Articles - Articles

Should Men be Concerned About their Levels of Fertility?

September 2020

Articles - Articles

Should Men be Concerned About their Levels of Fertility?

September 2020

Infertility affects around 15 per cent of couples, a shockingly high statistic. Usually, it’s women who are burdened with the concept of the biological clock with societal pressures of conceiving before the age of 40. However, more recently, attention on fertility has shifted towards men.

New research has suggested that men should consider freezing their sperm before reaching the ‘advanced paternal age’ of around 35 to 45. Beside decreased fertility levels, older sperm is said to suffer in ‘fitness’, and can increase risk of pregnancy and birthing complications, disorders and diseases in infants, and preterm birth.

Something particularly vulnerable to the high stress levels of the 21st century is sperm. It’s been recorded that sperm counts in Western men have been dropping by roughly 60 per cent since the 1970s. Although it’s best for both partners to be alert when it comes to fertility levels, this article will look at things that affect fertility and methods men can focus on to improve it.

High Stress Levels

It’s practically impossible to avoid encountering any sort of stress in your life. However, if you experience high levels for a prolonged amount of time, this can be harmful towards your sperm count. Research by Columbia University found that stress hormones, such as glucocorticoids, can reduce levels of testosterone and sperm production. In turn, this can affect the concentration and ability to fertilise an egg. Not only fertility, but your sex drive will also decrease, which may affect the amount of sex you have.

If you feel like you experience a lot of stress, it’s important that you try to manage or cut out the things in your life that are causing you to be stressed.

Heavy Drinking

Drinking excessive amounts of alcohol can also be damaging towards fertility. Heavy drinking has become a huge part of UK culture — Britain has been ranked the worst nation for binge-drinking across the world, with men being likely to drink more than women. Heavy drinking has also been linked to a decrease in testosterone and sperm production. Therefore, it’s recommended that if you plan on conceiving in the future, it’s probably best to avoid drinking to excess. This will benefit you in the future as well as improving your general health, so why not?

It’s likely that many of us experience high stress and drink frequently. There are supplements that you can take to increase fertility such as coenzyme q10 tablets, which is an antioxidant recommended to increase sperm motility.

Weight, Diet & Exercise

It should come as no surprise that health can play a contributing factor in fertility. A healthy, balanced diet helps regulate almost everything with our bodies. At least five portions of fruit and vegetables are recommended every day by the NHS, alongside carbohydrates, lean meat and pulses.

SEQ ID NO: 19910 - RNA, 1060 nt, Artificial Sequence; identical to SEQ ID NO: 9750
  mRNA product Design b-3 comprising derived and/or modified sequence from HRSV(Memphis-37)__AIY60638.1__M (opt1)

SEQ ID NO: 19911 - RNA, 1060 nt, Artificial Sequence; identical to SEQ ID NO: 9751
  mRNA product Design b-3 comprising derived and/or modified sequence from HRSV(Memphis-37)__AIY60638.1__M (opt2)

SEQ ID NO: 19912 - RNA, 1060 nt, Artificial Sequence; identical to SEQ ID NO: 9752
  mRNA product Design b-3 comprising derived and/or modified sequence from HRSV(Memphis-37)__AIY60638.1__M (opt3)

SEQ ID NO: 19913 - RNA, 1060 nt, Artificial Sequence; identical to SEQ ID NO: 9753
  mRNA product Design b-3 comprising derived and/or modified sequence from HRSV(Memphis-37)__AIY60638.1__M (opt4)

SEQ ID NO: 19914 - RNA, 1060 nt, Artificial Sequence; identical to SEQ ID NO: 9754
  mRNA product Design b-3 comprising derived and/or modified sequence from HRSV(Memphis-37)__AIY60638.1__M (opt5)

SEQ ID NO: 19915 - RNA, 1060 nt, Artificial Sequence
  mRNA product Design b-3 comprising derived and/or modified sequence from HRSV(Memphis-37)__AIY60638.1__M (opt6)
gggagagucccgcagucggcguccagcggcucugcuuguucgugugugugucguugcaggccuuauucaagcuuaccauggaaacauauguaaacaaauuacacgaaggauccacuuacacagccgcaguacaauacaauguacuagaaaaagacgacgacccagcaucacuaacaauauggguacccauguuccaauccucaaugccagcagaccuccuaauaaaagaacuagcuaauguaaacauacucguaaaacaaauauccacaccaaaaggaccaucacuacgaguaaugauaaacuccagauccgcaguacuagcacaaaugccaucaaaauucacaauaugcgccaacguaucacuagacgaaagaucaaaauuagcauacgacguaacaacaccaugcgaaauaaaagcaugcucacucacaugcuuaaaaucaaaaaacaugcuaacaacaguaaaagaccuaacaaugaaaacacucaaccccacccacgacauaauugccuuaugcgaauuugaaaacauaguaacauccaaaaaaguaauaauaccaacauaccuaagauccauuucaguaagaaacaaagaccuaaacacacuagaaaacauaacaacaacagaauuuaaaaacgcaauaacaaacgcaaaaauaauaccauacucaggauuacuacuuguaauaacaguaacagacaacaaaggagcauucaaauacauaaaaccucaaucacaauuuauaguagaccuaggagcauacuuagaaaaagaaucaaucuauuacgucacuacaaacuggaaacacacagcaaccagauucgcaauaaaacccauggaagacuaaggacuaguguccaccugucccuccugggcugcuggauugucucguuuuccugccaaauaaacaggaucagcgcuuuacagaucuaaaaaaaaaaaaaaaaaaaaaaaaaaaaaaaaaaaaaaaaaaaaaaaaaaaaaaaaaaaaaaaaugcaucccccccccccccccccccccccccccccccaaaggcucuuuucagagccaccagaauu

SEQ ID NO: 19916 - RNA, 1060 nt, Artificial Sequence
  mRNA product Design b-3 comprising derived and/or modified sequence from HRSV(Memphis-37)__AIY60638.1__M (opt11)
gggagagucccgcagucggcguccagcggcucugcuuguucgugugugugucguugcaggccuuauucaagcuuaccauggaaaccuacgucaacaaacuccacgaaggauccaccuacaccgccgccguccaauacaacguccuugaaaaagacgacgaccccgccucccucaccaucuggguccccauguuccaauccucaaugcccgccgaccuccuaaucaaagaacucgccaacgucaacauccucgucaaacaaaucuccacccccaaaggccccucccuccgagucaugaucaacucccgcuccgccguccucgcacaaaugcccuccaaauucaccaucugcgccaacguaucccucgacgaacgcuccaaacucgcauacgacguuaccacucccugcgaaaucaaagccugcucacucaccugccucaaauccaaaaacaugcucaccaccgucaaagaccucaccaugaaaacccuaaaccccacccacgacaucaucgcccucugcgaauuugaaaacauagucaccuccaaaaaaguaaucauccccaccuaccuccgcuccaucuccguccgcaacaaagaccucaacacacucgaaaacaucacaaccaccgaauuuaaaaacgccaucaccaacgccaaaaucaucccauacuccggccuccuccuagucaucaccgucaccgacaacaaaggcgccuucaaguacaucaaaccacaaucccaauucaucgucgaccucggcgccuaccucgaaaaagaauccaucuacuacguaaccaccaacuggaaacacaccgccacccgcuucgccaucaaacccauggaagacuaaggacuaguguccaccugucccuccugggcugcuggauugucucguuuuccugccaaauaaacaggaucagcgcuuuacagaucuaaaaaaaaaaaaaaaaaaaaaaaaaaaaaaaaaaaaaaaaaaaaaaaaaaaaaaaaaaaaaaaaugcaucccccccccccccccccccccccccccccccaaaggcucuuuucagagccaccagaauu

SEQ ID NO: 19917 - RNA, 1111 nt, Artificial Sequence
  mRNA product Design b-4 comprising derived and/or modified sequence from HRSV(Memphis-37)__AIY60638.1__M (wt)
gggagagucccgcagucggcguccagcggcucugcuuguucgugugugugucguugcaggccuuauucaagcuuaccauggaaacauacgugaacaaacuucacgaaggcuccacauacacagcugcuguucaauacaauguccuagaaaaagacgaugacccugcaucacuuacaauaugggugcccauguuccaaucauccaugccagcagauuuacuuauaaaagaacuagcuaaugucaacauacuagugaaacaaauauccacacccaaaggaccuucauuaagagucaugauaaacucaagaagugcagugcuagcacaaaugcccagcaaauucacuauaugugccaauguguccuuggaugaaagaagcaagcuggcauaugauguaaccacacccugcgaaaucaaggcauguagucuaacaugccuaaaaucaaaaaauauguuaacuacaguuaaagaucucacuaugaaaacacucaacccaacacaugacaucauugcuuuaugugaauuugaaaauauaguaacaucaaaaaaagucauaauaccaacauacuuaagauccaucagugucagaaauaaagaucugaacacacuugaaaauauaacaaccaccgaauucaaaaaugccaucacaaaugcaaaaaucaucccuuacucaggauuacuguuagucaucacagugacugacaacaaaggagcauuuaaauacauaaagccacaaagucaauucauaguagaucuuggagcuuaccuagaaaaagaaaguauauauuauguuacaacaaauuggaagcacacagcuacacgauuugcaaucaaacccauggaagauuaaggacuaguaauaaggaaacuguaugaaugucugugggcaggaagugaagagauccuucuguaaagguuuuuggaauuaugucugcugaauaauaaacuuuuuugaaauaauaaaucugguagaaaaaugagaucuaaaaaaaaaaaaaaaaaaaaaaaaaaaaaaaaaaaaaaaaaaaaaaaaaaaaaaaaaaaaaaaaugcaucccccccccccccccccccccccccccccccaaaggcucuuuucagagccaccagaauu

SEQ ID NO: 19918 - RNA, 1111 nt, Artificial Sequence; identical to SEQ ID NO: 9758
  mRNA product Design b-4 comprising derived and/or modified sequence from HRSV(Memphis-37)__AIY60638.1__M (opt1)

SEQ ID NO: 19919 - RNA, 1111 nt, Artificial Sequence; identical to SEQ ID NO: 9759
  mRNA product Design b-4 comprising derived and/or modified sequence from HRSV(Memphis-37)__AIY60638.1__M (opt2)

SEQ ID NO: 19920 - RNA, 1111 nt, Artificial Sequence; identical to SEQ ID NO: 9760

Being both overweight or underweight will affect the quality of your sperm. If you’re trying to conceive, consider adjusting your body mass index to a healthy number between 18.5 and 24.9 through exercising and a healthy diet. Although this may be hard to commit to, it will increase your chances of succeeding in starting a family.

Pesticides & Chemicals

Unfortunately, the modern world goes hand in hand with many new and unfamiliar chemicals designed to ward off pests damaging our crops. By their nature, pesticides are toxic to the animals, fungi and insects they’re created to kill, and to humans too.

A hot topic over the last few years is that fruit and vegetables with pesticide residue have been found by research by Harvard to affect men’s fertility. Men who ate the most amount of fruit and vegetables with high amounts of pesticides had a sperm count lower by 49 per cent. This research has been met with much controversy, particularly as the sample of participants came from a fertility clinic, which doesn’t reflect the general population.

Although a lot of our food is exposed to pesticides, it’s inconclusive whether this is a concern, and more research is required with a sample that isn’t biased. The NHS recommends that you don’t stop eating fruit and vegetables, as this would be even more damaging to health and fertility. If it’s a genuine concern for yourself, consider buying organic food that hasn’t been treated with pesticides and man-made chemicals.

If you’re struggling to conceive and are worried about your fertility levels, it’s always best to seek medical advice. Of course, taking an active interest in improving your fertility levels is a step in the right direction and bearing in mind all the above information is a great place to start.

Pharma Nord

www.pharmanord.co.uk